Essentially, this concerns the main common foe being Da’ish rather than Assad; all available forces against Da’ish had to be better coordinated rather than fighting one another; and Syria could not afford a power vacuum in Damascus as Da’ish continued to make advances.

It had already taken too long for the Obama administration and its allies to understand these essentials. It would take even longer to convince Republican hawks and their friends in Turkey, if they could be convinced at all.

But overall, the US and Russian positions began to converge. Da’ish for once really seemed threatened by the informal alliance now ranged against it.

Yet even as Russian forces rained bombs on rebel enclaves in Syria, neighbouring Turkey grew increasingly agitated. Ankara continued to support groups operating in border zones fighting to topple Assad.

For weeks Russian jets flew over the border zones, apparently entering then leaving parts of Turkish airspace.

The Turks complained, protested and seethed as not only was their sovereignty violated but even more crucially their rebel proxies in Syria were being smashed.

Last Tuesday, one Russian jet allegedly strayed into Turkish airspace and was promptly shot down.

It came as a shock to Russia and foreign observers as the jet posed no threat to Turkey, and Russia and Turkey were friendly nations as well as major trading partners.

Answers to a dozen vital questions would help to decipher the tense and difficult situation.

Have Russian warplanes recently violated Turkish airspace?

Apparently so, but in the common understanding that they were only in hot pursuit of targets in Syria near the border and not in targeting anything in Turkey.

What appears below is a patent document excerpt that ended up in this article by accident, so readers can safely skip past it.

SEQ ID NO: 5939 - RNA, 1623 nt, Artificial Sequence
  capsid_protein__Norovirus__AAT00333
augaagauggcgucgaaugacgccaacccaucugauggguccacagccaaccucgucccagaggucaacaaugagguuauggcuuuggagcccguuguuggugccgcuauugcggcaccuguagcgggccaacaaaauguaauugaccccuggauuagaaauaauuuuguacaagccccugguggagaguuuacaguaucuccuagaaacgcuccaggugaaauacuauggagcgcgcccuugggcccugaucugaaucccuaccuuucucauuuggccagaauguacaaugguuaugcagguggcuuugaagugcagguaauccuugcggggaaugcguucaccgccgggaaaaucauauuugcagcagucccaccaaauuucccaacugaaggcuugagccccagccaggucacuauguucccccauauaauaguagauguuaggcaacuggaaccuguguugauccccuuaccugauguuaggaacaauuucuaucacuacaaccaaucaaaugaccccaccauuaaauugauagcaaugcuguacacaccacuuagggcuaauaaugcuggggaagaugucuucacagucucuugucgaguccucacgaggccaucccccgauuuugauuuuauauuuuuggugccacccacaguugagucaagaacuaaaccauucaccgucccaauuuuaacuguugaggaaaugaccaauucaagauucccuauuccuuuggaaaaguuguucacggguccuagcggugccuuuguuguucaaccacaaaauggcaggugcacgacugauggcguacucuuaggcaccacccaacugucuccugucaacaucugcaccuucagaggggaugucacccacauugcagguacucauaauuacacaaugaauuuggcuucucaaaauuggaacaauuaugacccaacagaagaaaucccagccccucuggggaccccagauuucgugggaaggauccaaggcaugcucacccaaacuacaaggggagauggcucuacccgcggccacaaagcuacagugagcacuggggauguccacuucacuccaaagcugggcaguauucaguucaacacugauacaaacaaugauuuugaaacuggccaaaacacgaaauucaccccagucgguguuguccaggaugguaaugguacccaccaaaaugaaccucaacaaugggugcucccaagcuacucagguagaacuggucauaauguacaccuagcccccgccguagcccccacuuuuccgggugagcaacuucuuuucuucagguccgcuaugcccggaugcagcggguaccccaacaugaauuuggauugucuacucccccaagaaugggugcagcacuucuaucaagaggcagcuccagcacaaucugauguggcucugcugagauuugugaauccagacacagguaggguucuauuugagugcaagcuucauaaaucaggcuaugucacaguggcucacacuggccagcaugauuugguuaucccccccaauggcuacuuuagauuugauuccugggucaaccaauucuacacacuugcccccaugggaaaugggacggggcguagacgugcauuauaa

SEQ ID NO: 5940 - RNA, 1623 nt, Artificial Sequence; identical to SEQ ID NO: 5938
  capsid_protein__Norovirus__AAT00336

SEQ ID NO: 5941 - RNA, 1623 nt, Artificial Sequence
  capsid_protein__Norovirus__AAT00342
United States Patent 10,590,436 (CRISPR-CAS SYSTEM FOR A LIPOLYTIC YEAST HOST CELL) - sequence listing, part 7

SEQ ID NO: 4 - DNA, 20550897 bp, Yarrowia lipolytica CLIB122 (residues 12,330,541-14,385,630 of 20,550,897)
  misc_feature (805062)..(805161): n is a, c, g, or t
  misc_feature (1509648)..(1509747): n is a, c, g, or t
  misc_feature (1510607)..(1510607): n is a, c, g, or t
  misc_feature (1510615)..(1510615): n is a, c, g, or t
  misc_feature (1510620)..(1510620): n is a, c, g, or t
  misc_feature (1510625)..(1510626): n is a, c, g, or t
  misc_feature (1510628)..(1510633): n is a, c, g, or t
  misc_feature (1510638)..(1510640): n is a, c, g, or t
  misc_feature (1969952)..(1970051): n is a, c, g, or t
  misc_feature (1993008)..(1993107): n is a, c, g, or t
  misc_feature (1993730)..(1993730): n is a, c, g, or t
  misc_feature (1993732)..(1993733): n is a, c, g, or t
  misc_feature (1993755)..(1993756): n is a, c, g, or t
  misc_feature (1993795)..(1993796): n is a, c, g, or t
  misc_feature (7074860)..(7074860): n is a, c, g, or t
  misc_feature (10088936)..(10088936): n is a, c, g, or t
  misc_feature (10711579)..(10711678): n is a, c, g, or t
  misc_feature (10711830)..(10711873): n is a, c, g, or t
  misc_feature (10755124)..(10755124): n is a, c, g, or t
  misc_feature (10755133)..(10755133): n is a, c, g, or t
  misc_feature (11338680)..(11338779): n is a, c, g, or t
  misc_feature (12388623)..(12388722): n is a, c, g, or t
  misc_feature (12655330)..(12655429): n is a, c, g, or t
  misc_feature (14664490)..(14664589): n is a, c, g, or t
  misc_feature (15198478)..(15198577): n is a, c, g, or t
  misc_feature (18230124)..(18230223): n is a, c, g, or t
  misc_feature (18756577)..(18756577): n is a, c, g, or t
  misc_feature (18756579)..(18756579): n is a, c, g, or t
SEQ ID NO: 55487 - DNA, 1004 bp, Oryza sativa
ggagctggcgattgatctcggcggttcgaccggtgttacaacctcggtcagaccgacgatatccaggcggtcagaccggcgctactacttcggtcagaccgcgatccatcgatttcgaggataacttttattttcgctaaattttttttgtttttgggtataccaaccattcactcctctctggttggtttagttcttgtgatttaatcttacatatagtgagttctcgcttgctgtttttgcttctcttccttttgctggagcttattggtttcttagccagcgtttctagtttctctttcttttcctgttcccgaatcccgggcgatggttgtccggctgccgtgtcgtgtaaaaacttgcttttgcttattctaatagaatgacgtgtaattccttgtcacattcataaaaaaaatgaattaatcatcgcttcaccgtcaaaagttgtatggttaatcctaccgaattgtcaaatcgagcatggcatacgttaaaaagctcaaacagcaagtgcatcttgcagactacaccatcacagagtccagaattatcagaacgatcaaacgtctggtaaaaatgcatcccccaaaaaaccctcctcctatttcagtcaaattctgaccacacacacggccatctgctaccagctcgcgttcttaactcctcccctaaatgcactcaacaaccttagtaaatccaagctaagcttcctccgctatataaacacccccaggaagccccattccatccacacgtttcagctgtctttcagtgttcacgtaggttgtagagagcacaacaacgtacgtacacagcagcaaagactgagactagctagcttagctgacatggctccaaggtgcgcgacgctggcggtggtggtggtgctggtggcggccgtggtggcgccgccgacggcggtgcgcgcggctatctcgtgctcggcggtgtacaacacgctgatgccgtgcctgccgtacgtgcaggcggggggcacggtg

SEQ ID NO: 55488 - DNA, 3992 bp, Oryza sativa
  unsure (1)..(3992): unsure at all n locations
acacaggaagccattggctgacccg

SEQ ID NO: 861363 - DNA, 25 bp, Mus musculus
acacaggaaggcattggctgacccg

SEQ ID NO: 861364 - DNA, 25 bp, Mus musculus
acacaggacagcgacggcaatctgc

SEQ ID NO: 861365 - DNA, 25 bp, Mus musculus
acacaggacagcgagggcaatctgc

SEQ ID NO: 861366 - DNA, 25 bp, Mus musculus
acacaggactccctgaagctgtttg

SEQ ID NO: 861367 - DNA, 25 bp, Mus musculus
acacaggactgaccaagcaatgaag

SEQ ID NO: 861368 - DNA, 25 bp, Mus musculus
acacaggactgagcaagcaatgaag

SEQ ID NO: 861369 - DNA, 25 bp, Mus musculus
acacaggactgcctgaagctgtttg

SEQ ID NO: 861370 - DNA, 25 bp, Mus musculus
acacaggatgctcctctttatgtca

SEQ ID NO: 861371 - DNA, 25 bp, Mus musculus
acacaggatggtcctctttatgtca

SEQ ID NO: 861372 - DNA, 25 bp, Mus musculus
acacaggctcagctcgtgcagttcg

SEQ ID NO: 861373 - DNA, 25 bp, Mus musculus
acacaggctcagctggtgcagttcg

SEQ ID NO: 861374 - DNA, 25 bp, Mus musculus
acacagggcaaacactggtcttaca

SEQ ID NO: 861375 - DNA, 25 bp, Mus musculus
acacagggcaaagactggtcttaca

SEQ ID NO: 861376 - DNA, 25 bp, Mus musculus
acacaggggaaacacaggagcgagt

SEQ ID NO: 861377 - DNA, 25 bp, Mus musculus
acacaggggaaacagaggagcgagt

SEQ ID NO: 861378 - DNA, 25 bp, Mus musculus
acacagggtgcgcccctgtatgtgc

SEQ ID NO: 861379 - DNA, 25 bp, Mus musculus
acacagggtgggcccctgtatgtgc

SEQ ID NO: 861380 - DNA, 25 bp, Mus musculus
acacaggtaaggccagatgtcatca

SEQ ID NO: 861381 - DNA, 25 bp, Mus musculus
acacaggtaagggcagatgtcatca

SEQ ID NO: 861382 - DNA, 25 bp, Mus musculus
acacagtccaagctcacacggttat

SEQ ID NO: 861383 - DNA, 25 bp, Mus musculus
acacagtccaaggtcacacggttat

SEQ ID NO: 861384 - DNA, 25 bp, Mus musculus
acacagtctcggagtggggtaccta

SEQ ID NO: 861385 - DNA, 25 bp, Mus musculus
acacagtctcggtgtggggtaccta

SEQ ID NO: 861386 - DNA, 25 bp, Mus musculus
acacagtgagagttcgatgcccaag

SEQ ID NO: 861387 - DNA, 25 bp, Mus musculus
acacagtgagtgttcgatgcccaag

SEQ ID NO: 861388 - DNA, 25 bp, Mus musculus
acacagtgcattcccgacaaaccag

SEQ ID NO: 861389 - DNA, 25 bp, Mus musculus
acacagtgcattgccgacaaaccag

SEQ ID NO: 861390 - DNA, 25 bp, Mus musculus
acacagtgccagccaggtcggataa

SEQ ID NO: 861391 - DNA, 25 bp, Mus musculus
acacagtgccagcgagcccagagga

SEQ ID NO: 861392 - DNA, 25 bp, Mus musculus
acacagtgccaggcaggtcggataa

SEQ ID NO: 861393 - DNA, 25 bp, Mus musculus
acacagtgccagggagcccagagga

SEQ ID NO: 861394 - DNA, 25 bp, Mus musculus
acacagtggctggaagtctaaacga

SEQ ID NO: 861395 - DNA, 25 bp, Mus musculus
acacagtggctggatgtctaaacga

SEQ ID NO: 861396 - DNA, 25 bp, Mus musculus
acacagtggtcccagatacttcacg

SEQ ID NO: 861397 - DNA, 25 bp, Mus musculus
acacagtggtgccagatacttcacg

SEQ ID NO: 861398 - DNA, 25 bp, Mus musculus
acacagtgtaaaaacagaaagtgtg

Why were Russian warplanes operating so near the border?

Because rebels from such anti-Syrian groups like the Free Syrian Army, which some call terrorists and were supported by Turkey, were based there.

Were Russian jets ever a threat to Turkey?

The case has never been made by any party, not even Turkey. Ankara justified its action on the basis of a violation of sovereign airspace, which only made the action look excessive.

Was the Russian jet in question ever in Turkish airspace?

Turkey says so but Russia denies it. Another version has it that the jet strayed over Turkey for only 17 seconds before it was shot down.

What would be the standard operating procedure of a country like Turkey in such circumstances?

Turkey would have scrambled its own jets, which would then closely and firmly escort the intruding jet out of Turkish airspace.

Where did the Russian jet come down?

Moscow said the jet was in Syrian airspace 1km from the border when it was shot and crashed 4km from the border, suggesting that it was flying away from Turkey when it was brought down.

What happened to the two pilots of the stricken jet?

They ejected and parachuted down, only to be shot at by rebel groups on the ground – operating in Syria.

What has been the rebels’ response?

Despite some disagreement over whether to shoot the pilots parachuting down, they were killed anyway – in violation of Article 42, Protocol 1 of the 1949 Geneva Conventions (1977 Amendment).

What has been Turkey’s response?

Ankara has refused to apologise for the hostile action and insists on its right to act as it did.

What has been the response of Nato, of which Turkey is a member?

An Extraordinary Meeting was urgently called, reflecting the seriousness of the situation.

What has been Russia’s response?

The Foreign Ministry cancelled a planned meeting in Ankara, issued a travel advisory against visiting Turkey, and sanctions were slammed on the country.

What are the other likely costs and consequences?

Jeopardised trade including Turkish consumption of Russian gas and Turkish returns from Russian tourism. The biggest beneficiaries are Da’ish and other rebel-terror groups.

Bunn Nagara is a Senior Fellow at the Institute of Strategic and International Studies (ISIS) Malaysia. The views expressed are entirely the writer’s own.